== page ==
One of my favorite financial counselors is radio talk show host Dave Ramsey (listen to his weekday radio show in Indianapolis on Freedom 95.9 FM, or on just about any market in the U.S.) Dave gives great advice for getting people out of debt and on their way to financial freedom. One of his favorite tips is to have a written household budget, so you’ll spend everything “on paper and on purpose.”
I got to thinking about this piece of advice, and how it can also apply to our business marketing budgets. How many of us have a written marketing budget for the month which outlines exactly what we will spend, and on which activities? This is smart advice, because it allows us to prioritize our expenditures and gets us thinking of how we can allocate our resources across various channels for maximum return.
If you spent all of your household income on a car or house, you’d have nothing left for food, clothing or utilities. Similarly, if you spent too much on one marketing activity, you’d be neglecting the other sources of leads through other methods. If you need a new website, don’t spend money that you don’t have. Instead, save up and put all of your efforts toward achieving that goal, but do so with common sense, and within your means.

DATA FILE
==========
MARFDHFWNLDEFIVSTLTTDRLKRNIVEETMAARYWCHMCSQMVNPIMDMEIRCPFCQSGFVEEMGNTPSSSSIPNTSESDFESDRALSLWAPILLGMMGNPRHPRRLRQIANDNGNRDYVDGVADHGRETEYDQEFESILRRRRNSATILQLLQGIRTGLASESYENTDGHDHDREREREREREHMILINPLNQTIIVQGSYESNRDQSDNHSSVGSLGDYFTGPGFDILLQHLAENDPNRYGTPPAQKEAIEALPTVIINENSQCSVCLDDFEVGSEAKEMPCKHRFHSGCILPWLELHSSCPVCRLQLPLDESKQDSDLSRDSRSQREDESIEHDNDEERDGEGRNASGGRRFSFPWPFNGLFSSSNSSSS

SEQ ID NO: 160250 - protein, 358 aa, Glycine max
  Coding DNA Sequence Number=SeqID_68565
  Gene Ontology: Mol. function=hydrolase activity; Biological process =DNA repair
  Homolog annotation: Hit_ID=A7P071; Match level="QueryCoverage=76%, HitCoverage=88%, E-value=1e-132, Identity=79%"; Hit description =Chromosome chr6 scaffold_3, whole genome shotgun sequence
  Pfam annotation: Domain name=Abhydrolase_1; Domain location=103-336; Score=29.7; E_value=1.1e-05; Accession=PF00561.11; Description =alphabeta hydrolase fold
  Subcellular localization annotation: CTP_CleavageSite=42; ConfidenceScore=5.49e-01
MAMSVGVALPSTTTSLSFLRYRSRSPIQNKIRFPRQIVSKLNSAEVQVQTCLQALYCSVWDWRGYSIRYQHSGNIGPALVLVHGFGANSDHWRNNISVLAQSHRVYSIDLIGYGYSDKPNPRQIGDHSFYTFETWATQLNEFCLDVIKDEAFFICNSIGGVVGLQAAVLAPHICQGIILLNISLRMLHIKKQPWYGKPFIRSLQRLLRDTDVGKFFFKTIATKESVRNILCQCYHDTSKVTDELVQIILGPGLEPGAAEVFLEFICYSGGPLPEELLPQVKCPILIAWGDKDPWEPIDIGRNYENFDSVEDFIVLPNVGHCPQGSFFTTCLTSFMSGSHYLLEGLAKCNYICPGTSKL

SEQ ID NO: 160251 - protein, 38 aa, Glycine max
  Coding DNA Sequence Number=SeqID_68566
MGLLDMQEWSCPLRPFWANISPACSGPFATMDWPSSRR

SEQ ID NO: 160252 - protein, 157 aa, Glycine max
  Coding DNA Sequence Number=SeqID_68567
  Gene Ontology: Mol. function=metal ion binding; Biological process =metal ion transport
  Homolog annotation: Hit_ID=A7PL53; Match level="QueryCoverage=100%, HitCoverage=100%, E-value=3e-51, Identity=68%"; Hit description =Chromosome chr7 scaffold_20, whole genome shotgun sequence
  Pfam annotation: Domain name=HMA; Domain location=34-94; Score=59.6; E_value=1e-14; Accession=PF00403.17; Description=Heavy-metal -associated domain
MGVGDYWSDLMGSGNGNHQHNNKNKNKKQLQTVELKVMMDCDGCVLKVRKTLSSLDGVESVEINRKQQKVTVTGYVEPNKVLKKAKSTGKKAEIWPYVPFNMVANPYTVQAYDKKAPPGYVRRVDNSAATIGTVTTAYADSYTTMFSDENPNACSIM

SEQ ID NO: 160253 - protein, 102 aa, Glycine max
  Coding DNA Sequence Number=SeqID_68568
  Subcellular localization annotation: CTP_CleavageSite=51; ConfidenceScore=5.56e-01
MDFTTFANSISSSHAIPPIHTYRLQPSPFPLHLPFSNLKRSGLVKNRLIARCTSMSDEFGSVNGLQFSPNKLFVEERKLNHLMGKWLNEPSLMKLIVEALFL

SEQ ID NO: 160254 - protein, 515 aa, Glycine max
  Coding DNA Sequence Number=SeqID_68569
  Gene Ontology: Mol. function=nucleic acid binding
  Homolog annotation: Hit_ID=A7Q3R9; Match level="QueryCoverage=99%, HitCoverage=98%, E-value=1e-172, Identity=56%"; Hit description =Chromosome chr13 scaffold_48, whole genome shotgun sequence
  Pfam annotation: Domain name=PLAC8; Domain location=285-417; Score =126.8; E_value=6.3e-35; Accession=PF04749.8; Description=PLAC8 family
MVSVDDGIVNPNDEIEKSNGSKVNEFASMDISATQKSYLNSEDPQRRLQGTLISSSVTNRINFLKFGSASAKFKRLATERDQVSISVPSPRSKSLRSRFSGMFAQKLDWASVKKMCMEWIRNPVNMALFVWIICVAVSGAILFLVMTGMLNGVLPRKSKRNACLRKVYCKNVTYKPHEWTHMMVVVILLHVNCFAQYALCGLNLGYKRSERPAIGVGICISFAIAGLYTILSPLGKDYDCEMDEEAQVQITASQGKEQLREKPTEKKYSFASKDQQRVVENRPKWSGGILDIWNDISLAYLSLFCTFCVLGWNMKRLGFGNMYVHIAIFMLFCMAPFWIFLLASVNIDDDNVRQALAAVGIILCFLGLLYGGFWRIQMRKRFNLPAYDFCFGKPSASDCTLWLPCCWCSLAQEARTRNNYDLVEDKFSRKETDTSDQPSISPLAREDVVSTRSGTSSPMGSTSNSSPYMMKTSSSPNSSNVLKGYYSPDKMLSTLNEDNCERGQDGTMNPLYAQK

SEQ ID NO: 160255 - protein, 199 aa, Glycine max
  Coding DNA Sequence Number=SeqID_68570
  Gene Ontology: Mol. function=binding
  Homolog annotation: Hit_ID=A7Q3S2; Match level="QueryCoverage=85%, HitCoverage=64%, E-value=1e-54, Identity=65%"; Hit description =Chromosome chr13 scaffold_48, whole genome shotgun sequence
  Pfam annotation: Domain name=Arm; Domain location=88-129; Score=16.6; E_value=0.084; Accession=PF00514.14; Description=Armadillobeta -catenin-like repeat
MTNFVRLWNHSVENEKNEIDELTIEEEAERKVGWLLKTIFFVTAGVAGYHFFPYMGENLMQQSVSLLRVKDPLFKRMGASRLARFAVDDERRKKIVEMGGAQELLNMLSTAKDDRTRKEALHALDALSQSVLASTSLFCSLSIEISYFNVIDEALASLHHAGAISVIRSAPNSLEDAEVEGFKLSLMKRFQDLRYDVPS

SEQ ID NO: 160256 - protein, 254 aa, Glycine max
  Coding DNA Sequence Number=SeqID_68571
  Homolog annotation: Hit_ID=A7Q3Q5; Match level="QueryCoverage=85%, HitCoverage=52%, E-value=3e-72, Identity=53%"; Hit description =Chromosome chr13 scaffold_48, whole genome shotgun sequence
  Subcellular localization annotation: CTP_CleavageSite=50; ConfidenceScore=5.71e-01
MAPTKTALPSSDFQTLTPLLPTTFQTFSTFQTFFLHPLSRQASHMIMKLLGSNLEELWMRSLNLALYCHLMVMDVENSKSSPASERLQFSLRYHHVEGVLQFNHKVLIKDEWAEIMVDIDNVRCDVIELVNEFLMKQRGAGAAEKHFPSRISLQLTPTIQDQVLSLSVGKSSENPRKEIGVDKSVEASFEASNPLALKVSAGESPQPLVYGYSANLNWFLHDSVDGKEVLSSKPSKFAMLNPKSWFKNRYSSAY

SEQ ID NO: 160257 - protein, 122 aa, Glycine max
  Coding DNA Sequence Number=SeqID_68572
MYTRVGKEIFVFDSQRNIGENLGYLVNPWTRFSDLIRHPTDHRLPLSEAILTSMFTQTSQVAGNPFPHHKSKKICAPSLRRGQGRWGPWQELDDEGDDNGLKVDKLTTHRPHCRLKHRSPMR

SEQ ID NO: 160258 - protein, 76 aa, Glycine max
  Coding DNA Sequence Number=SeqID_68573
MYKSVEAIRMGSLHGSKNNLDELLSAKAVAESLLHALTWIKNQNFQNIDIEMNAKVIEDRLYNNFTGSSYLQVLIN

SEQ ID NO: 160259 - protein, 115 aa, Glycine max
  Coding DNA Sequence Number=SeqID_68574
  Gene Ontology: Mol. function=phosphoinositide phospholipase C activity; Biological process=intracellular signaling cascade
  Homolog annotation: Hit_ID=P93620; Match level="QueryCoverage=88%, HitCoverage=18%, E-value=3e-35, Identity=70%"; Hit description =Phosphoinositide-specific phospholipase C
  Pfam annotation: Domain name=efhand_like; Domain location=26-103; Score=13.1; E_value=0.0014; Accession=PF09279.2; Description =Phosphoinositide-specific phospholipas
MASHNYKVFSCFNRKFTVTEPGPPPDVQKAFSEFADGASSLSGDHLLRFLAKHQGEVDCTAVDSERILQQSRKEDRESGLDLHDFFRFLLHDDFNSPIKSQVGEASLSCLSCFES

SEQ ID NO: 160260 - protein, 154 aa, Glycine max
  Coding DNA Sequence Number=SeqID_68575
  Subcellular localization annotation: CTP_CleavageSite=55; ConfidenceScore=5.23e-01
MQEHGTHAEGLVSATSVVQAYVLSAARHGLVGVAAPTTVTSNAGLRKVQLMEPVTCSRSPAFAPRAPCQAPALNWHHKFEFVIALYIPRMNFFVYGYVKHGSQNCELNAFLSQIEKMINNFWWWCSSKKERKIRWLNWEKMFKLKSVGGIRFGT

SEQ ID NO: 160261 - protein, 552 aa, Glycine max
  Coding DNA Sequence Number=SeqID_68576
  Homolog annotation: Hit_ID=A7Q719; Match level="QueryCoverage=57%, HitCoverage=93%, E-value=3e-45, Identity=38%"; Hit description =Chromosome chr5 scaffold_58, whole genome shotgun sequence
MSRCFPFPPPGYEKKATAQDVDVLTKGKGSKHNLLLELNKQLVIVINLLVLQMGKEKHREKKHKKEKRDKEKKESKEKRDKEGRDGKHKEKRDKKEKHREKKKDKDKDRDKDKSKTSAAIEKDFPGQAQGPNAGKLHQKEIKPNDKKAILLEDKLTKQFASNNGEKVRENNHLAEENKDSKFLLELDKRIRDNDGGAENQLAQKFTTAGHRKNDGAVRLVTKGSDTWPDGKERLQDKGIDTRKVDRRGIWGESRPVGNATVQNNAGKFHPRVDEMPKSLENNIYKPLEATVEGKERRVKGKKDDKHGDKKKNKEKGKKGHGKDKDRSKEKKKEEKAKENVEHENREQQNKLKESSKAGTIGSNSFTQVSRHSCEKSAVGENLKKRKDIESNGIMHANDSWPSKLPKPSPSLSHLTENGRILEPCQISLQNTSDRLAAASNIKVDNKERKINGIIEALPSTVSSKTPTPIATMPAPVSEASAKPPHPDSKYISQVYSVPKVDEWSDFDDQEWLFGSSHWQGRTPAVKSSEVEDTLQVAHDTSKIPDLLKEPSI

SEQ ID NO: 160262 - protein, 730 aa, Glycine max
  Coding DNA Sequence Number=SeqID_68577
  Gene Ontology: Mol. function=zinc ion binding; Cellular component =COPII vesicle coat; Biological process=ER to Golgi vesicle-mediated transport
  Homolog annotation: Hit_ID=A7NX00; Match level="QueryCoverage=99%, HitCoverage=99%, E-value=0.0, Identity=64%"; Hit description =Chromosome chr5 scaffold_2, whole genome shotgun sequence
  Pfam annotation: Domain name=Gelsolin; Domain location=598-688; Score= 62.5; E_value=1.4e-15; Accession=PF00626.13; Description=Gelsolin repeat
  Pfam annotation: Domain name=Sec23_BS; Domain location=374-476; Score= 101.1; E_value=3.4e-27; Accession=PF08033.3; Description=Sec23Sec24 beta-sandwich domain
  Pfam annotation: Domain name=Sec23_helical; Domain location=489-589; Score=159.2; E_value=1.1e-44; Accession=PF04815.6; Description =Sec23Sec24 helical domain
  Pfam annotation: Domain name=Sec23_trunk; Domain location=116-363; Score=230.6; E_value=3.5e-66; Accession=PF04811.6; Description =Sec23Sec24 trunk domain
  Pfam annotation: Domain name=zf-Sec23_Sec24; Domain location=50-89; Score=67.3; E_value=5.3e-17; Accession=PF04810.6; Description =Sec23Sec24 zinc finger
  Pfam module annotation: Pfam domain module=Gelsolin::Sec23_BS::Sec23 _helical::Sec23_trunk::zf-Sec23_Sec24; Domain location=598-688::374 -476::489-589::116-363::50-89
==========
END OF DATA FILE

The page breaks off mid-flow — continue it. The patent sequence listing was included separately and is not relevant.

Dave also talks a lot about following “baby steps” to get where you want to go, and the sacrifices that you have to make (living frugally, within your means) along the road to success. Unless you get lucky and win the lottery or receive an inheritance or large settlement, you’ll need to manage your money wisely in order to “live like no one else.”Well, the same holds true for our businesses. You do need to invest in activities like marketing and advertising if you expect to see a good return over time. But if we make smart, cost-effective marketing decisions, we can slowly grow our businesses to the successful enterprises that we’ve always dreamed of running.
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